Episode: Arvo Part's "Brothers" in Salzburg

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Arvo Part's "Brothers" in Salzburg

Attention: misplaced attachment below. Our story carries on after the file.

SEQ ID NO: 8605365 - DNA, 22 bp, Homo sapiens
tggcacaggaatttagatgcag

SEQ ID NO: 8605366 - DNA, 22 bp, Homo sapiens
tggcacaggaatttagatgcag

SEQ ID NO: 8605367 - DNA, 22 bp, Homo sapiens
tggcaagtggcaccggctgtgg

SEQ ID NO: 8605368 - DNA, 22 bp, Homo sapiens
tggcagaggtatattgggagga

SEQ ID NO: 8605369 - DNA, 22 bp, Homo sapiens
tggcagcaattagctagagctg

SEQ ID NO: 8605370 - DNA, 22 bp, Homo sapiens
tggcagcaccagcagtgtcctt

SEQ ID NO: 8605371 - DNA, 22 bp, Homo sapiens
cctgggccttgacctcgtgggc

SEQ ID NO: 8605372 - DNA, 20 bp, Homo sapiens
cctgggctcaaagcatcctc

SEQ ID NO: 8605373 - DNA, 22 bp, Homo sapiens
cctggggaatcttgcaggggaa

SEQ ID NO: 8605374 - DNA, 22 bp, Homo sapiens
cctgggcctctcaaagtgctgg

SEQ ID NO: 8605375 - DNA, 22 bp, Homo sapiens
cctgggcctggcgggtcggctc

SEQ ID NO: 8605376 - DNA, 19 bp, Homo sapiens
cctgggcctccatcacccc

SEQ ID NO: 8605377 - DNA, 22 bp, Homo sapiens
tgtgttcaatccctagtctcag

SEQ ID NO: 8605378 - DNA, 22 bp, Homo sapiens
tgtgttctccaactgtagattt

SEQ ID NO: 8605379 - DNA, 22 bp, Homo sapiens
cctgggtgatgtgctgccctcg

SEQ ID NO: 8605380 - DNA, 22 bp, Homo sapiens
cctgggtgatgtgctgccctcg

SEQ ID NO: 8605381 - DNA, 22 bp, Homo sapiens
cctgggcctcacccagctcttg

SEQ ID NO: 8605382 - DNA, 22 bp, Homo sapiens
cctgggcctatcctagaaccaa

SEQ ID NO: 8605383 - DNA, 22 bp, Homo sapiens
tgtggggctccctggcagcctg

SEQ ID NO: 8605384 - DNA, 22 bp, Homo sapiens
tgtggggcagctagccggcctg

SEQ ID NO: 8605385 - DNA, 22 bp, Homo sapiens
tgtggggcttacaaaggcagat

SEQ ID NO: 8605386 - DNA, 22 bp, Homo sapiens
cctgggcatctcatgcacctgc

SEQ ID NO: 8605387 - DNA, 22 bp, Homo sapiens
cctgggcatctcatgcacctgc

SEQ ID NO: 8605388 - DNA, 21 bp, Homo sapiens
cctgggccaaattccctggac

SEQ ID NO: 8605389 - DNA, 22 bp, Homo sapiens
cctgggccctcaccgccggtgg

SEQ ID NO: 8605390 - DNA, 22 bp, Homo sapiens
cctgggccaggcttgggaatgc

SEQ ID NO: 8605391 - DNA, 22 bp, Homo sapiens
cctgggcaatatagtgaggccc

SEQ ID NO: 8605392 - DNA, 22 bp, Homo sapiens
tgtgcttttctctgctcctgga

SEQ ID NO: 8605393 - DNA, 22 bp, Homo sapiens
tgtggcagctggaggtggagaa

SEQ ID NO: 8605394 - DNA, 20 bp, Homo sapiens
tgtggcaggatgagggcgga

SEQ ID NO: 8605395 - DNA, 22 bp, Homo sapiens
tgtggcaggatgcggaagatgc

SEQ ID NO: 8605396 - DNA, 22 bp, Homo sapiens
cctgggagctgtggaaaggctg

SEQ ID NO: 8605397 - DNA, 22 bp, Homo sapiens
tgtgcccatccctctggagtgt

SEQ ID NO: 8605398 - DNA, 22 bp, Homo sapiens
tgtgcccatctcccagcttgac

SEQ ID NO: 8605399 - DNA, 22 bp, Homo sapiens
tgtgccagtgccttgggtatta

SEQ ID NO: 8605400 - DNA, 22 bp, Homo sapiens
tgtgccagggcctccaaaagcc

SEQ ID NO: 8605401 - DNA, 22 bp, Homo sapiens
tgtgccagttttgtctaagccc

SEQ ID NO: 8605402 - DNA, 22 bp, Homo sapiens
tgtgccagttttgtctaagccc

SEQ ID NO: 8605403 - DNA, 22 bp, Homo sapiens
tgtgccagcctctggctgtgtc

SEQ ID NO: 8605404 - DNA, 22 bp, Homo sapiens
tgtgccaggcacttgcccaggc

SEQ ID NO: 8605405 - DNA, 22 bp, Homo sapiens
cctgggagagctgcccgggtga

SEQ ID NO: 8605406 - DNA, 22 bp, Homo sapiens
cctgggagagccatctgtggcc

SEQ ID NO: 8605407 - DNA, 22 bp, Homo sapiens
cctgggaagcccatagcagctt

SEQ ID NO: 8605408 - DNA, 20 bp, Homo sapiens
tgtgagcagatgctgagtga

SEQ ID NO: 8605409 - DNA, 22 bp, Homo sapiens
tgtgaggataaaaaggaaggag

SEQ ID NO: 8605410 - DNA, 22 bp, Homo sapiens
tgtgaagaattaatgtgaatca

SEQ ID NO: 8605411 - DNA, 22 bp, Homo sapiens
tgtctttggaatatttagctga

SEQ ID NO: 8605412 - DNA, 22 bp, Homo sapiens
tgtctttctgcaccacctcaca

In 1980, the Estonian composer Arvo Pärt emigrated from his Soviet-controlled homeland and settled in Austria. Since the 1960’s, Pärt’s increasingly spiritual and overtly religious music, imbued with mystical and contemplative rituals of the Russian Orthodox Church, did not sit well with the communist authorities, and Pärt found it increasing hard to live and work in Estonia. On today’s date in 1980, at the Salzburg Festival in Austria, another Baltic artist, the Latvian violinist Gidon Kremer, gave the premiere performance of a new violin-piano arrangement of Part’s “Fratres,” or “Brothers”—an instrumental work from 1977 that Pärt subsequently rescored for a variety of ensembles. In the version commissioned by the Salzburg Festival, the original harmonic material resides in the serene piano part, while the violin plays virtuosic variations above it. That serenity is the result of Pärt’s effort to—as he put it— “learn to walk again as a composer.” He came up with a term, tintinnabulation, for the simplicity and directness of expression he sought. “Tintinnabulation is like this,” writes Pärt. “I am alone with silence. I work with very few elements… The three notes of the triad are like bells. And that is why I called it tintinnabulation.”

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